Department info for a future nurse!


Hi all! I am starting a 13-month ABSN program in two weeks. I just wanted some input from those already in the field. What department do you work in and what are some of the prominent ups and downs? Where would YOU recommend a new nurse starting within the work setting?

Thanks, in advance, for your input!


4,104 Posts

Specializes in NICU. Has 8 years experience.

This type of thread has been done many, many times. The goal of these threads is to find out which department/ specialty you find an interest in so that you can pursue a job in that specialty. The problem with this is that we are not you. We can go on and on about why WE like our specialty, but if you have no interest in that specialty, then we are wasting our time telling you about it.. For every person that loves their specialty, you will find someone who hated that specialty and moved to a different specialty.

My advice is to go through school with an open mind and see what your interests are near the end of school. Once you narrowed down your interests, read the threads in those specialty sections and ask questions. I was set on the stereotypical male nurse specialties (ER/ Adult ICU/ Trauma) and it wasn't until my 3rd semester (15 month ABSN program) when I had a 4 hr rotation in a Level II NICU during one of my Maternity clinical days that I found my niche. I went in a completely different direction than I planned on heading. I then did as much research on my own as possible BEFORE posting questions on this website. I am one of two male nurses out of 300 nurses on our unit. I can't be any farther from the typical male nurse role than I am (except for Labor and Delivery).

BTW: I love my choice. The smaller and the sicker my patients are, the more rewarding I find my job. I have never regretted not going into ER. Adult ICU, or Trauma.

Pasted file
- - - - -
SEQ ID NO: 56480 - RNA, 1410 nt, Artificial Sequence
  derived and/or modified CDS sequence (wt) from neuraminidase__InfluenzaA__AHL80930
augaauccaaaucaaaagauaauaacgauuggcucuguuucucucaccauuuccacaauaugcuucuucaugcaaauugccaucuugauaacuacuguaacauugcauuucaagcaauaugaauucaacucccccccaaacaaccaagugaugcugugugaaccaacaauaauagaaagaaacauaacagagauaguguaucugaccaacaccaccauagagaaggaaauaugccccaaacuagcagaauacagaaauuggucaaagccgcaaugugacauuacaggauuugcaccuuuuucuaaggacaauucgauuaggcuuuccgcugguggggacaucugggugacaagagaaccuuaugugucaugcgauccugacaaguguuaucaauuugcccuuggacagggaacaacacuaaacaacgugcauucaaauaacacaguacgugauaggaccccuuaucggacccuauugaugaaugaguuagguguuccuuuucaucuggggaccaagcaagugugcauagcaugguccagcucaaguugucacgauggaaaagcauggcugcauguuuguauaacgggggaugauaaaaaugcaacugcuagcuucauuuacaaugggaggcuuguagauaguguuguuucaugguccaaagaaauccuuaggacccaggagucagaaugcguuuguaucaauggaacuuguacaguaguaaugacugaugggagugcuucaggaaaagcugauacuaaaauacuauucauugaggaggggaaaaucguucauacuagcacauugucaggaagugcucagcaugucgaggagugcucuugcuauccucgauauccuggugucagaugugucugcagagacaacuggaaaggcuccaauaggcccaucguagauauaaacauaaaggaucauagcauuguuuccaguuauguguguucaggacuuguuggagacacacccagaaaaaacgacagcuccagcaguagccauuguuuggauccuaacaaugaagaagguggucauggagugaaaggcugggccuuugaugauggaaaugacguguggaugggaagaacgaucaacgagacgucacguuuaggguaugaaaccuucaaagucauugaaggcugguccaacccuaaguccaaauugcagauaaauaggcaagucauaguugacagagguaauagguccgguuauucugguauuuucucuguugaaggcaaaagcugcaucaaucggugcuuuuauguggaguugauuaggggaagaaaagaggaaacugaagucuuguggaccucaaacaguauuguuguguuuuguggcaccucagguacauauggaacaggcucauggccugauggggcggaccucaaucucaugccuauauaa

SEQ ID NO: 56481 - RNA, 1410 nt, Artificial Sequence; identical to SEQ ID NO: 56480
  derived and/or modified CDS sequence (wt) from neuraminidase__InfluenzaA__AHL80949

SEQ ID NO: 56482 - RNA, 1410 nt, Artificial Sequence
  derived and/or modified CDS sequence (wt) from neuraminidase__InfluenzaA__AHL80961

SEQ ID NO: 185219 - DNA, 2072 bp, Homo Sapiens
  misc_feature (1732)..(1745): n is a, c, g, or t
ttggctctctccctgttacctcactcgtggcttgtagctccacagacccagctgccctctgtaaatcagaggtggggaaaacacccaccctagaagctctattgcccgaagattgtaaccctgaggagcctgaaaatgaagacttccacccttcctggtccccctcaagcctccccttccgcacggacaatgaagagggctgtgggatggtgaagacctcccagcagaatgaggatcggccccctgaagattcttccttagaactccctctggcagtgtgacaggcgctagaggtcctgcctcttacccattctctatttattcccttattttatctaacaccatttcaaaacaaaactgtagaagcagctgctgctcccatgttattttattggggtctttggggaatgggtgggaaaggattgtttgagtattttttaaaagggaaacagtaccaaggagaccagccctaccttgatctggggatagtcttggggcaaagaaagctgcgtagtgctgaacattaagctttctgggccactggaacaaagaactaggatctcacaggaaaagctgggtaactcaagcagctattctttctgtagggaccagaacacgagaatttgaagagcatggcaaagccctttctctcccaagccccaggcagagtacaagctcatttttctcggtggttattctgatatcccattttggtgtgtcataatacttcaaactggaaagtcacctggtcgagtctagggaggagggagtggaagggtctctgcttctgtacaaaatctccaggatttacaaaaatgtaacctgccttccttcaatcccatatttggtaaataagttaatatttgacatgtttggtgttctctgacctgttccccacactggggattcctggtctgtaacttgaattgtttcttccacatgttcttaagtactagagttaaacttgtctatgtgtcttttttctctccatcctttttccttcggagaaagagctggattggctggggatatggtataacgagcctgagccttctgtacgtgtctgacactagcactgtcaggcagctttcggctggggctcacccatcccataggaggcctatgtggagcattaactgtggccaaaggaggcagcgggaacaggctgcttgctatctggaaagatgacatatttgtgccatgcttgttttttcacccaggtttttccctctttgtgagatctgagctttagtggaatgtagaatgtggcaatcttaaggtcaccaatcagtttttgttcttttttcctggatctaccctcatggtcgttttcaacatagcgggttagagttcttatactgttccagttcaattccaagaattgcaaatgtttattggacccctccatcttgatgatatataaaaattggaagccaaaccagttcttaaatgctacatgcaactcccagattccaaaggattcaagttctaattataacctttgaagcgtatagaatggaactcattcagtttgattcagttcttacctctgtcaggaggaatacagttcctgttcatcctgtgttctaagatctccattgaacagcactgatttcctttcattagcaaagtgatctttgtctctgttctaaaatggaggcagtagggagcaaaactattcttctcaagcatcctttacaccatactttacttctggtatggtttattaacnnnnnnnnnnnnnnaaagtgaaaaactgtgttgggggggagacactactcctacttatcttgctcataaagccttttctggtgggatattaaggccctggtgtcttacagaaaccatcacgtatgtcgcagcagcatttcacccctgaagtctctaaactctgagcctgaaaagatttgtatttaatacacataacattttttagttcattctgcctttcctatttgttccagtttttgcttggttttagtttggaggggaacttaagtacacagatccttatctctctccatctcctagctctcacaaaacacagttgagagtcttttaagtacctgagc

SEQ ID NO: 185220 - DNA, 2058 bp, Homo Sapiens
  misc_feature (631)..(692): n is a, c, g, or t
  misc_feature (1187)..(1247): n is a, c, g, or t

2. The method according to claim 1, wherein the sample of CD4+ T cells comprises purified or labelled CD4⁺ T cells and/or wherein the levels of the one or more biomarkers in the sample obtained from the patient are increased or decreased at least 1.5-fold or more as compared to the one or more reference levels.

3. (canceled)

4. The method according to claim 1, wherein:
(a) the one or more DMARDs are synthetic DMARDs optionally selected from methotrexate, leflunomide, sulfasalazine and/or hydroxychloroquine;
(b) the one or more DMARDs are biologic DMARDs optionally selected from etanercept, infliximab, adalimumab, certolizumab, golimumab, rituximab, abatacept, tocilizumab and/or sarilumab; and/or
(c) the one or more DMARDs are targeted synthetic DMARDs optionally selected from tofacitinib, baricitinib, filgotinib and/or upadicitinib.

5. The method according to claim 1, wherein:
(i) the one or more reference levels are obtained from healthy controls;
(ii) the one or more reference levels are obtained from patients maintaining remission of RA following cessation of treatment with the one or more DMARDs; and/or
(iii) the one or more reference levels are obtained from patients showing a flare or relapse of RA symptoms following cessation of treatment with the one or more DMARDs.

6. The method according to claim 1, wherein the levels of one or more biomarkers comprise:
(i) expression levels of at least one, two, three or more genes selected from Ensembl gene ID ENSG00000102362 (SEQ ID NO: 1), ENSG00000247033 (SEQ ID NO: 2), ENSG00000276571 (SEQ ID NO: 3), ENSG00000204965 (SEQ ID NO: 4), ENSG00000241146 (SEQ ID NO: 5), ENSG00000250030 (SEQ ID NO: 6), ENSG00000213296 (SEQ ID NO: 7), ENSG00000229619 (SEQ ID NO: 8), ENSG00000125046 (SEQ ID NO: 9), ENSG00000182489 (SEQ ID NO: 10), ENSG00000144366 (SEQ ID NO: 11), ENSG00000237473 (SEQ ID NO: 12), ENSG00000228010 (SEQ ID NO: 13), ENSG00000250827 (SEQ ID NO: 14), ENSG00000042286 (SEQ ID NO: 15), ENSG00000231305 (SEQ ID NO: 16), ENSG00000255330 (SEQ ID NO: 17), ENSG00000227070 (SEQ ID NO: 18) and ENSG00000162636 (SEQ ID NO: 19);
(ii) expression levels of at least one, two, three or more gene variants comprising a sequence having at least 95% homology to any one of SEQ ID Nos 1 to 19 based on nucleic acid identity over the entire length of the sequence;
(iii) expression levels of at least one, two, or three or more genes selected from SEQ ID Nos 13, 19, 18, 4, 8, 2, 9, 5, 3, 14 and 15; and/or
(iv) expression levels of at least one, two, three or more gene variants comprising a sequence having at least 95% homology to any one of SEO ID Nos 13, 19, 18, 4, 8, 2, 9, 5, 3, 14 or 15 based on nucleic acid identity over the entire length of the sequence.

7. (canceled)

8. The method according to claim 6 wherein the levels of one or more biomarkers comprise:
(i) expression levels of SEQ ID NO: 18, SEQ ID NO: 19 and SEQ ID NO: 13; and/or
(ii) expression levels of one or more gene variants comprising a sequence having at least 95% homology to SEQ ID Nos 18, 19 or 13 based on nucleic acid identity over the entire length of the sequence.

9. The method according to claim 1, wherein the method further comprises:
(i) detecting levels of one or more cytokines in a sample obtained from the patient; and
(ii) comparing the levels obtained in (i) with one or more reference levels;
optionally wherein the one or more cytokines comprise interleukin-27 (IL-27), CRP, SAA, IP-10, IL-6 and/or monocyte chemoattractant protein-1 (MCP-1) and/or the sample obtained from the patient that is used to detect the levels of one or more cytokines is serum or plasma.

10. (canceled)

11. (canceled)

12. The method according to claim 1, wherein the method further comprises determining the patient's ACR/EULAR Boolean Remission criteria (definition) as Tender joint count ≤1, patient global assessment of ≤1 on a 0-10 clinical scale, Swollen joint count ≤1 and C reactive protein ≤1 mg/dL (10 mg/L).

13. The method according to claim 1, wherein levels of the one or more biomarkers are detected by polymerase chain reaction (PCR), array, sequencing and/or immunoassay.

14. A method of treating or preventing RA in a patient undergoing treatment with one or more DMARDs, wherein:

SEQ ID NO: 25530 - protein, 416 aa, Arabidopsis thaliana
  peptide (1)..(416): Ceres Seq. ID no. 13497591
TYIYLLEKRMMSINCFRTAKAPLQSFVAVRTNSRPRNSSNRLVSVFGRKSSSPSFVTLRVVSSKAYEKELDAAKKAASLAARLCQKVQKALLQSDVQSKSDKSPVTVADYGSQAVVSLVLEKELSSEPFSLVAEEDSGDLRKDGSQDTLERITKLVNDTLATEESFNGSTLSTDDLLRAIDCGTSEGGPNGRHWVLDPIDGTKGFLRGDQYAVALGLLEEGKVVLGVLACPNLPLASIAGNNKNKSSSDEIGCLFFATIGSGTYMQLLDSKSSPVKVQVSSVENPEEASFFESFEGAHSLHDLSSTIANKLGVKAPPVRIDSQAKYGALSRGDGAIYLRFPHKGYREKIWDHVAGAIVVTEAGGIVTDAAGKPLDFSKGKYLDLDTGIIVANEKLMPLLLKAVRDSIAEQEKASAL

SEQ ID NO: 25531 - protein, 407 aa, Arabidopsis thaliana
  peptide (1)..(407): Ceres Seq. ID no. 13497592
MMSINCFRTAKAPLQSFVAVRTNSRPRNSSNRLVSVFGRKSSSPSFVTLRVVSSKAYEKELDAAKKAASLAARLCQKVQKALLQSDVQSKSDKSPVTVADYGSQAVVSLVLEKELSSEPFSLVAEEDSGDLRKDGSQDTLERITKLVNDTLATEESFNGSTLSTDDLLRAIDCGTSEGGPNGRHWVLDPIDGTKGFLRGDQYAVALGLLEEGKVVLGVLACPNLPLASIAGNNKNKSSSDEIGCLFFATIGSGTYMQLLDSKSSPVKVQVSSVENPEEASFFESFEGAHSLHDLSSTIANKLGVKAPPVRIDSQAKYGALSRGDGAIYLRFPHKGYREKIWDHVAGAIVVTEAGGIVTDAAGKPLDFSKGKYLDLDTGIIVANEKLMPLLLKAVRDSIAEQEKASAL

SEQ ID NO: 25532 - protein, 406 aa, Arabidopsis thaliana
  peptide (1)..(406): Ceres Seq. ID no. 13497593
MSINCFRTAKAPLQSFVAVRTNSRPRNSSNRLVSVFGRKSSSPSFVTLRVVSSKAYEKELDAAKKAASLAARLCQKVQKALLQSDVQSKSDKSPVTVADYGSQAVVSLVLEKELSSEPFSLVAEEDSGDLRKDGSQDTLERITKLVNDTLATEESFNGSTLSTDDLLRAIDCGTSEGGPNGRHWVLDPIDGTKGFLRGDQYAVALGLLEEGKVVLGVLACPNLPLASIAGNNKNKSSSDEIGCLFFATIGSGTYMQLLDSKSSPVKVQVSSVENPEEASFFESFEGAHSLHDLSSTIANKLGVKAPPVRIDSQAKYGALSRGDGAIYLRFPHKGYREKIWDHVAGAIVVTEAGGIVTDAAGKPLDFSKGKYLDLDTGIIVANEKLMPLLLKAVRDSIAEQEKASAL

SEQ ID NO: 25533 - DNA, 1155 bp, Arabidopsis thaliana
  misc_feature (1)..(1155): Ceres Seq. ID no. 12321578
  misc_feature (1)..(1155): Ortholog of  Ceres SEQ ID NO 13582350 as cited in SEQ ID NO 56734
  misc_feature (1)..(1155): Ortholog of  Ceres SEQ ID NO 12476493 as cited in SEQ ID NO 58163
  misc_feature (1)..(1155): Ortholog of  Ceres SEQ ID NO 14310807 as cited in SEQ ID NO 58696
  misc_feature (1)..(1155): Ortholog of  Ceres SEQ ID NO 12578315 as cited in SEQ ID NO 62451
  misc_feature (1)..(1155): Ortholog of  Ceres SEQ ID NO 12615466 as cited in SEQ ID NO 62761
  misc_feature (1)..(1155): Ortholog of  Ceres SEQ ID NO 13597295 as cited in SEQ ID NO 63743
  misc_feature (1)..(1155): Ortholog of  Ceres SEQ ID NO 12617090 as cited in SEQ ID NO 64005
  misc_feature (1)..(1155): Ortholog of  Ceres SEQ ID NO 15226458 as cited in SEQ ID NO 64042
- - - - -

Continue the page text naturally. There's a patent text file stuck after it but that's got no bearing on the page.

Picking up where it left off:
Editorial Team / Admin

Rose_Queen, BSN, MSN, RN

6 Articles; 11,341 Posts

Specializes in OR, Nursing Professional Development. Has 18 years experience.
My advice is to go through school with an open mind and see what your interests are near the end of school.

Quoting this just because it's so true. I went into school thinking I wanted to do peds or L&D. Guess which rotations ended up being my least favorite? It wasn't until my very last semester (senior capstone, I didn't get an ICU slot and I didn't want a med/surg spot, so I ended up in PACU) that I found the specialty that interested me- OR. Guess where I still work? I may not currently be in a clinical bedside role in the OR, but I am still within the realm.

So, keep your mind open. Be a sponge, absorbing all the information about the specialties you can as you experience them in school. Remember that school can't even expose you to all of the possible settings nurses could work in- if it hadn't been for that unusual capstone placement, I never would have been exposed to the OR at all.


5 Posts

Okay so I guess I should put in some background. I am 25 years old and already have a BS in Biology. I've been through a four year program, and recognize that opinions are going to vary based on person and experience. I am going through nursing school with a completely open mind (as I did with my first degree) and understand that my experince will play a crucial role in determining where I want to start out. By NO means am I trying to make a decision now about where I want to work, nor based on the experiences anyone shares on this thread. However, for a scholarship program I am applying for, we have to rate our interests now for what we think we will like, in which I ranked OR the highest due to my experience at my current job at an animal hospital. So the purpose of this thread was to compare and contrast different areas of nursing, in hopes of learning more about departments as a whole. I was solely asking for advice to see what advice I would get and compare MY interests with those who are willing to share theirs. I've done my research and think, at least for my goals in nursing, that experience in critical care is, well, critical. But, as previously stated, this could (and honestly probably will) change before next July. Having a science background, I am a HUGE researcher so I will continue doing my research as suggested. But I also want some opinions as well. :) thank you all and happy nursing!


916 Posts

Specializes in Critical care.

I'm in critical care and I love it. A mother-baby nurse I recently interacted with said she could never work in an ICU (too intense and the patients are too sick) and I wanted to say I'd be bored out of my mind on her unit. I know everyone is supposed to love babies, but to be perfectly honest they bore me. I love my friend's kids (none of my own), but they leave me bored to tears- I prefer kids around 18 months old+ when they start walking/talking.